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Wisconsin Department of Health Services Releases Emergency Order 28

Business Law Alert Ryan L. Van Den Elzen, Judith A. Williams-Killackey, Patrick H. Taylor

Yesterday, the Secretary of Wisconsin’s Department of Health Services released an updated Safer-at-Home Order. This Order becomes effective at 8:00 a.m. on April 24 and will remain in effect until 8:00 a.m. on May 26. The order contains two key updates concerning the continued operation of Essential Businesses in Wisconsin.

The updated order includes new safe practices that all Essential Businesses and Operations must implement. As of April 24, Essential Businesses and Operations shall:

  1. To the greatest extent feasible, comply with Social Distancing Requirements as defined in this Order between all individuals on the premises, including but not limited to employees, customers, and members of the public.
  2. Restrict the number of workers present on premises to no more than is strictly necessary to perform the essential operation.
  3. Increase standards of facility cleaning and disinfection to limit worker and patron exposure to COVID-19, as well as adopting protocols to clean and disinfect in the event of a positive COVID-19 case in the work place.
  4. Adopt policies to prevent workers from entering the premises if they display respiratory symptoms or have had contact with a person with a confirmed diagnosis of COVID-19.

The updated order also includes updated guidance for Essential Businesses and Operations remaining open for in-person sales, such as retail stores. This guidance includes limiting the number of people inside stores, creating dedicated shopping time for vulnerable populations, and establishing lines to regulate entry.

In addition to new safe practices, the updated order clarifies how businesses supplying or manufacturing goods for Essential Businesses or Operations or Essential Government Functions (as defined in subsections 13(r) and (v)) should treat their non-essential business lines:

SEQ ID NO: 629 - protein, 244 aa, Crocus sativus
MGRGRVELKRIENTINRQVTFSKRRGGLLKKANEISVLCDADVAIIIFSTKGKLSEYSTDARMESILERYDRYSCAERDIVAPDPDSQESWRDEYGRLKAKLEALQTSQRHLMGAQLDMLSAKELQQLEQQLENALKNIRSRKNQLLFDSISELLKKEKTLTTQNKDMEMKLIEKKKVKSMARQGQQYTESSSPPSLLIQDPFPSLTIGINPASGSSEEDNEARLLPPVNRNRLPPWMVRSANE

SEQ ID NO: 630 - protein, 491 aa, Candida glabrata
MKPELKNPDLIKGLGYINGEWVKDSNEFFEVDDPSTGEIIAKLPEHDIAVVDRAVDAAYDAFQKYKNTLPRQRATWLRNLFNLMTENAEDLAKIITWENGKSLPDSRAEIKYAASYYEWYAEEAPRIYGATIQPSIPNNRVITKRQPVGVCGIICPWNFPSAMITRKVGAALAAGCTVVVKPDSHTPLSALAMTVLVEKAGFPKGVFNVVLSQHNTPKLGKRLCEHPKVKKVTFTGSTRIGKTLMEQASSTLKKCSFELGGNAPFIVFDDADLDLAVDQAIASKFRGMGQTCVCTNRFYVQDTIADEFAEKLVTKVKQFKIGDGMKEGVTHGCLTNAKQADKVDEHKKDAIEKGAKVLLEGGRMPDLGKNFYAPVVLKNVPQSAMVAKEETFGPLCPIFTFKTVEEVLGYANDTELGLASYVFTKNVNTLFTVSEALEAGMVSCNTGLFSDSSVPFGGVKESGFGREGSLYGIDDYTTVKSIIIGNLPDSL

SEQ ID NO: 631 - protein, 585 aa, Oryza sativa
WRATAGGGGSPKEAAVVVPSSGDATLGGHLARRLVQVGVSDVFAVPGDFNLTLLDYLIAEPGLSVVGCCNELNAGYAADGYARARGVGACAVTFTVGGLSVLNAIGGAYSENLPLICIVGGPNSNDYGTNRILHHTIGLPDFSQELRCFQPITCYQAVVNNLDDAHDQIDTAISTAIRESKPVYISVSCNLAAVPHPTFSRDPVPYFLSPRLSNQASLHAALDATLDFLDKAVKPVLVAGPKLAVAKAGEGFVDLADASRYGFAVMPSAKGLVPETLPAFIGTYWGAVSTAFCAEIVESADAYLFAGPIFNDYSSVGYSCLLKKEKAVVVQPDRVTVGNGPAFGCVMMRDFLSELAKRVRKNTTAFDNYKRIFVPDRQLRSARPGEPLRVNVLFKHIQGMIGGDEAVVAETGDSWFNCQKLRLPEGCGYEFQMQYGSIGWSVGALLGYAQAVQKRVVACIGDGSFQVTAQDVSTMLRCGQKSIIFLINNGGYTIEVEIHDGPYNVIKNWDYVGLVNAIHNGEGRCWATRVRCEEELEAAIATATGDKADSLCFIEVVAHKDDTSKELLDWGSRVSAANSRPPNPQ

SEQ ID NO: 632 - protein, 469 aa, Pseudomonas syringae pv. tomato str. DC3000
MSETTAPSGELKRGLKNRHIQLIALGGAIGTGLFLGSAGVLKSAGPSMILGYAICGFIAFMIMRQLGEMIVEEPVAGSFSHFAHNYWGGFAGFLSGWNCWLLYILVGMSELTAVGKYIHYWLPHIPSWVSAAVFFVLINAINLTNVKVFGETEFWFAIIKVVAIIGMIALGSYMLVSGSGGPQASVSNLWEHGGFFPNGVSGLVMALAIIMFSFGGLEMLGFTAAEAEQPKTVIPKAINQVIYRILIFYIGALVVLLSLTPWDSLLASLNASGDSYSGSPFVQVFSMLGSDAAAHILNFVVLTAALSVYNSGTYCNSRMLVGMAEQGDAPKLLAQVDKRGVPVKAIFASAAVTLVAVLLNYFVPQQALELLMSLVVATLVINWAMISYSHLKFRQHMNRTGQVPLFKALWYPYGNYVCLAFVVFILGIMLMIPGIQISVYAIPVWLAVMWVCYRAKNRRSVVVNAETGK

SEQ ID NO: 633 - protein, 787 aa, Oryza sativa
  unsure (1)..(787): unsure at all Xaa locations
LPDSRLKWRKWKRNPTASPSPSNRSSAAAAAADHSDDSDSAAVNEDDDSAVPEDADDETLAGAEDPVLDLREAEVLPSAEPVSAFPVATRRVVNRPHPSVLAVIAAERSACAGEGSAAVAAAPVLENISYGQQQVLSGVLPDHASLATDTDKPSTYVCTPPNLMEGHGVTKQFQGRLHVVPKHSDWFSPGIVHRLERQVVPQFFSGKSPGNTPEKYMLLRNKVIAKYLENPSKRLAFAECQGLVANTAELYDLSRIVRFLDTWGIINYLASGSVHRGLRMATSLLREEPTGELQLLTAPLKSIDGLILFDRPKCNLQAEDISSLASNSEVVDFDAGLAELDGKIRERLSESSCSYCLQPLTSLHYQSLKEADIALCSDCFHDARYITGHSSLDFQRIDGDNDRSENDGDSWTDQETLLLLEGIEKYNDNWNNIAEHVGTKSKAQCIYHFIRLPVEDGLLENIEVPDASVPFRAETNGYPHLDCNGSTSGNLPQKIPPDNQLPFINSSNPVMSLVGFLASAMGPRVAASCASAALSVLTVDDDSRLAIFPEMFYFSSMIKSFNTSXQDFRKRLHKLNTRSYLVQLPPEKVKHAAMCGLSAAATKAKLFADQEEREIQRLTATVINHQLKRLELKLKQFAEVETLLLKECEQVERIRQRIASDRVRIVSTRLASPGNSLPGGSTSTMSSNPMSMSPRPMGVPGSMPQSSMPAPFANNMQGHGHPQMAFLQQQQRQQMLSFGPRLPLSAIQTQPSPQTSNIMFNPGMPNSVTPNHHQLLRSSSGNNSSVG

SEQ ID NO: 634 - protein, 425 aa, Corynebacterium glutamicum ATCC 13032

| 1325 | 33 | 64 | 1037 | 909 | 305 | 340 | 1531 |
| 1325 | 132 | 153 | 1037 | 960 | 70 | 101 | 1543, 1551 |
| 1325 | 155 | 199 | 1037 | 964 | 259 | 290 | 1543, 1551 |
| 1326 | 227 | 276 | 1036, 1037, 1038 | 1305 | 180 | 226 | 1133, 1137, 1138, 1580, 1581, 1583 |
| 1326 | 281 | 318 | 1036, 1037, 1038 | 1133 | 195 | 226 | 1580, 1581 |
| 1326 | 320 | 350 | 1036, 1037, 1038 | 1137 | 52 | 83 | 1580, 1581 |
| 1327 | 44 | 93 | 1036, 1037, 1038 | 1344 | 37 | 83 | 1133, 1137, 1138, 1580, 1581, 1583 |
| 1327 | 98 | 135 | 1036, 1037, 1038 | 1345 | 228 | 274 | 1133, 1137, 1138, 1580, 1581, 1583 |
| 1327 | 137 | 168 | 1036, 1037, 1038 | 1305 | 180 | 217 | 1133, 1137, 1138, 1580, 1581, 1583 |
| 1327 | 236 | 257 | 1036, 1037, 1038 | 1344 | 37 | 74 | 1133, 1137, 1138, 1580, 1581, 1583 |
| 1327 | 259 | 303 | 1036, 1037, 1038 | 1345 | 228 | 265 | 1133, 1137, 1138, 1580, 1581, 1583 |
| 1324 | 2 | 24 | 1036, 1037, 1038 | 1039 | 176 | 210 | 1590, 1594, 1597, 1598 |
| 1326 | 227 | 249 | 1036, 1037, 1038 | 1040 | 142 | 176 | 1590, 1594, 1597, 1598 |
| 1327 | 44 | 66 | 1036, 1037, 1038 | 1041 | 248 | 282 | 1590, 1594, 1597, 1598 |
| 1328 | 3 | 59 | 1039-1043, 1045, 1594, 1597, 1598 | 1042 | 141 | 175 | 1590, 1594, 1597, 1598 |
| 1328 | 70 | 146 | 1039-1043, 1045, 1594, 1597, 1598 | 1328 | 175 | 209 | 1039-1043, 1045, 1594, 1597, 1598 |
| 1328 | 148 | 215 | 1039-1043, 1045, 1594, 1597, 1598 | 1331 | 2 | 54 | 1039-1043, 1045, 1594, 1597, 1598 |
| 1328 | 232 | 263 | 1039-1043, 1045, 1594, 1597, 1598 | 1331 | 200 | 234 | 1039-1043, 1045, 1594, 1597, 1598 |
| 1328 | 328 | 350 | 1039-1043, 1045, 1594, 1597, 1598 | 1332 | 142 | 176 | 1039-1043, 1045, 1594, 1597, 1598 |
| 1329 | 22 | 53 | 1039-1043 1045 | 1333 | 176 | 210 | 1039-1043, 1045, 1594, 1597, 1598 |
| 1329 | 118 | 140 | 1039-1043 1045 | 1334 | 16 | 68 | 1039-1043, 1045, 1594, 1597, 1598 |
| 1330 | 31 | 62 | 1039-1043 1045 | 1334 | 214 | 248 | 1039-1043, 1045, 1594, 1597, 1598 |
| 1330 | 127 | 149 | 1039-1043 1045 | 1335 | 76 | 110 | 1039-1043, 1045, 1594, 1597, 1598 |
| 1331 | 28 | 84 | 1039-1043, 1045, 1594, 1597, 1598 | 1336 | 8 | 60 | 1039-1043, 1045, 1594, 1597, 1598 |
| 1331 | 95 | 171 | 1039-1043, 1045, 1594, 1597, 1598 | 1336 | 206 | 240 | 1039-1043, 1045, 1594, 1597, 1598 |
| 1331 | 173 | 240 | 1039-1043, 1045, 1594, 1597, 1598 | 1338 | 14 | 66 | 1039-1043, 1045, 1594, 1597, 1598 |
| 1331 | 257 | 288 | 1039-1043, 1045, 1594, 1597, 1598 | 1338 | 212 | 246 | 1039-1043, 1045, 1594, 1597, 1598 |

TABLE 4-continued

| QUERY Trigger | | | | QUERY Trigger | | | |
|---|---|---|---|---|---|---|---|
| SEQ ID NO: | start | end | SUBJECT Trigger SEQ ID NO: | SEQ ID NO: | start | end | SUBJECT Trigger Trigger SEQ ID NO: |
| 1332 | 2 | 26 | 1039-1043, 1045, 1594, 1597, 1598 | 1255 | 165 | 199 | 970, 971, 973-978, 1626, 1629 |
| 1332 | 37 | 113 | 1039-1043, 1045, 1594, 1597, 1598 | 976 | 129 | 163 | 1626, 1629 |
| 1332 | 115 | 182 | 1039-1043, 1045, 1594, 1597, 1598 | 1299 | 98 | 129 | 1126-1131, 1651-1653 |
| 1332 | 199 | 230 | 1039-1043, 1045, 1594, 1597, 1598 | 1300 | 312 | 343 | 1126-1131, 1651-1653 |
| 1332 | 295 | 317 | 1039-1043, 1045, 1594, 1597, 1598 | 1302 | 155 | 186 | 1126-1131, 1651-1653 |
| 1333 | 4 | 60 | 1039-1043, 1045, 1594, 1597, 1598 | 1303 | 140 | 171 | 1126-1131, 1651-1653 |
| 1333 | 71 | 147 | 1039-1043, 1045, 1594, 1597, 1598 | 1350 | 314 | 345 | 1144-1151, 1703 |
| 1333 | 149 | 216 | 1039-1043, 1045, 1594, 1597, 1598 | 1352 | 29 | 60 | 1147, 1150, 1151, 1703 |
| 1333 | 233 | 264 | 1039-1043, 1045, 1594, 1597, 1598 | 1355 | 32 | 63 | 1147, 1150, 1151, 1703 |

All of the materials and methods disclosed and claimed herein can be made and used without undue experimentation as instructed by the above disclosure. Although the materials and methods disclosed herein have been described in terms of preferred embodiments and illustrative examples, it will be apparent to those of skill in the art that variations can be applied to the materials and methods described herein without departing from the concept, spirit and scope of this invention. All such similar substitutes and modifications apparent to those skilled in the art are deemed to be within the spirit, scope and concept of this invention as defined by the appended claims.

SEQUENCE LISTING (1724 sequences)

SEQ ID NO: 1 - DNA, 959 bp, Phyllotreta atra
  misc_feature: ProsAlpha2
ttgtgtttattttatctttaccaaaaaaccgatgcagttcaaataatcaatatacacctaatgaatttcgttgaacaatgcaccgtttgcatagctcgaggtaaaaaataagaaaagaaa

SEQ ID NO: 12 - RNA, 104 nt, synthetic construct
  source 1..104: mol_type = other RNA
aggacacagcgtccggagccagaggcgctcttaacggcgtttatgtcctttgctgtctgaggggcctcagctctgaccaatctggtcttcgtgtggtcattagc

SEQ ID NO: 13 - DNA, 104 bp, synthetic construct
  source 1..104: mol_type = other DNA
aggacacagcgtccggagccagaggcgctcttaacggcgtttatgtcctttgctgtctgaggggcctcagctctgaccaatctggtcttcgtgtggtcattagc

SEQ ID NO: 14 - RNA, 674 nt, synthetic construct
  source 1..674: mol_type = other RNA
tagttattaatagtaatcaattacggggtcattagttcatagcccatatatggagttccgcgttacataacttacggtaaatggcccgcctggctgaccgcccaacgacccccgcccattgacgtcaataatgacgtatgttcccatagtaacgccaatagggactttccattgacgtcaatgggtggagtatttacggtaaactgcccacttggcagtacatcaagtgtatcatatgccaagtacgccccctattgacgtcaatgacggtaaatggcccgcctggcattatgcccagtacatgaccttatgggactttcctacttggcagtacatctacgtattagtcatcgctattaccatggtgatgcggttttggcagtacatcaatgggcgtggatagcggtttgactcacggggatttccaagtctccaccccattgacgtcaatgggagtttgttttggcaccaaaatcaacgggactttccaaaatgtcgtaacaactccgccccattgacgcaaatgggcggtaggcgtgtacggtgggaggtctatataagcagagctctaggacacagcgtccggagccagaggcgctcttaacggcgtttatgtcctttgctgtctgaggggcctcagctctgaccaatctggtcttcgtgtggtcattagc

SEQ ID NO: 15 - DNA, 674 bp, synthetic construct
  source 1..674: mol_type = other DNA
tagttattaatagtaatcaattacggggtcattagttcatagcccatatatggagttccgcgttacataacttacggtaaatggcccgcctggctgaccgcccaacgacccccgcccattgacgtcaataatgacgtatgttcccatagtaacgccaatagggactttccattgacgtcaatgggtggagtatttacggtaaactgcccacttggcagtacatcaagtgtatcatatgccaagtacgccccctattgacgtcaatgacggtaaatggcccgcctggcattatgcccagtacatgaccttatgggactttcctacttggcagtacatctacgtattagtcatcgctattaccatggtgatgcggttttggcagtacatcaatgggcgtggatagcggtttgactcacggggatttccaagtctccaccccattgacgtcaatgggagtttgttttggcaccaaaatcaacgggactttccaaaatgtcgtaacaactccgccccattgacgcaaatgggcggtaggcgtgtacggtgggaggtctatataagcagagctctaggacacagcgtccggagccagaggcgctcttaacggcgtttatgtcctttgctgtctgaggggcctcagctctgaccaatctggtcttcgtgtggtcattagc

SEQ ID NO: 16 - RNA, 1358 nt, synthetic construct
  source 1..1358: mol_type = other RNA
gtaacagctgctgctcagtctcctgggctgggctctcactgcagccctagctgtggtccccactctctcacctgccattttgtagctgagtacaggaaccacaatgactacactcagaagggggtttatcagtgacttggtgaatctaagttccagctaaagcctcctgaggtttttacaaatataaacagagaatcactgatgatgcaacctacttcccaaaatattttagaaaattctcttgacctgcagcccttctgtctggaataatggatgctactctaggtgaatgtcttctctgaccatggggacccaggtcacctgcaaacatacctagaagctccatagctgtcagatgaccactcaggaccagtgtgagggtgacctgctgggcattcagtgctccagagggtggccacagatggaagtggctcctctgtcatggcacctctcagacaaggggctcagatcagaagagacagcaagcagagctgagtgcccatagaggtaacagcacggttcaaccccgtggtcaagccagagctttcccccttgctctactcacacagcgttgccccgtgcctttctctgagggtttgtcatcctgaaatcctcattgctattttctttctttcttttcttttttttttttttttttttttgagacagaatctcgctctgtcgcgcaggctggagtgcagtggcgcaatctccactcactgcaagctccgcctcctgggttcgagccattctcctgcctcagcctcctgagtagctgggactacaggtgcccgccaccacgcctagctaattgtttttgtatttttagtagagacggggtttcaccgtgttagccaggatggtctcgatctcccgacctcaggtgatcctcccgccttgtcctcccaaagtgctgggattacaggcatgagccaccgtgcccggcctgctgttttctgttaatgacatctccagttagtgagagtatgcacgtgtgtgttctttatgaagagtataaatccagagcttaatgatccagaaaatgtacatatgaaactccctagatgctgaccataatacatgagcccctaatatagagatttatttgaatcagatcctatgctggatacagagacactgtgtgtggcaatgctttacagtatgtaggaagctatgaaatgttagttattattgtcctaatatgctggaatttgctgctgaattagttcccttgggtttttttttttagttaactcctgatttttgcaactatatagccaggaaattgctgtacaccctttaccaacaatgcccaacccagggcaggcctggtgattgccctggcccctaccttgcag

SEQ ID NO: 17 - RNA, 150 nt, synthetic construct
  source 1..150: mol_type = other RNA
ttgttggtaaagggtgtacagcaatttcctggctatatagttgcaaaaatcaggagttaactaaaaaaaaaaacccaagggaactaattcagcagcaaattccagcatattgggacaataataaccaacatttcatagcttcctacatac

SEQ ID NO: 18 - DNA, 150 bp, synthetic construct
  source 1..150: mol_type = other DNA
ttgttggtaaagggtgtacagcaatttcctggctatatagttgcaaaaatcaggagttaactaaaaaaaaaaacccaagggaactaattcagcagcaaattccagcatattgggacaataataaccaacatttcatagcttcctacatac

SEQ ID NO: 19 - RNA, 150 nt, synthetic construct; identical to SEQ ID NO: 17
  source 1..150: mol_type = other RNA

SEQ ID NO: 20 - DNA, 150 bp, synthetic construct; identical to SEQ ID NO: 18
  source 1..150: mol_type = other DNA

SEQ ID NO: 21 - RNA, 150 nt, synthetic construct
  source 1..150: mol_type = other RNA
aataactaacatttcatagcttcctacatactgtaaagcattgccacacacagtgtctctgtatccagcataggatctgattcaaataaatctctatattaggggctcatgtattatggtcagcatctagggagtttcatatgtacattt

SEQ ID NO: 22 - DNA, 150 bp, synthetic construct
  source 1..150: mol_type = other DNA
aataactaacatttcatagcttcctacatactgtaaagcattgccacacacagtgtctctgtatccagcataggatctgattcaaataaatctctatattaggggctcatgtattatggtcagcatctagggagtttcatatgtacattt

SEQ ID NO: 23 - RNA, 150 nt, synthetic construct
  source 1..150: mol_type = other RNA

Any business or operation that is considered an Essential Business or Operation under this section may only perform those business operations which are necessary for the Essential Business and Operations or Essential Government Functions to which they are supplying goods or services. Any non-essential goods or services may only continue as Minimum Basic Operations.

It does not appear that the State intends for this language to be a material change to the prior definition of Essential Businesses. The new language aligns with WEDC’s previous oral guidance for businesses. However, having this new provision in the Order may signal that the State intends to be more aggressive in its policing and enforcement of the Order. Further, based on reaction to the extension, and indications that some businesses may intentionally violate the extended Order, it is possible that enforcement will be more aggressive. Businesses supplying or manufacturing goods may want to revisit their operational decisions to confirm only those operations which are necessary are being performed.

We believe that most manufacturing businesses will not find that this new guidance results in a practical difference for how they view their essential vs. non-essential operations; however the new Order could have meaningful implications for retail or distribution businesses. In practice, many manufacturing businesses’ essential and non-essential operations are so integrated that the non-essential operations cannot be shut down without shutting down operations that are clearly essential, and in such circumstances businesses should continue to be permitted to engage in all related operations.

View the entire order here.

As with the prior order, being able to clearly articulate to your employees, customers, and suppliers why your business is essential is critical. If you have any questions about the essential status of your business, please call your Quarles & Brady attorney, or contact:

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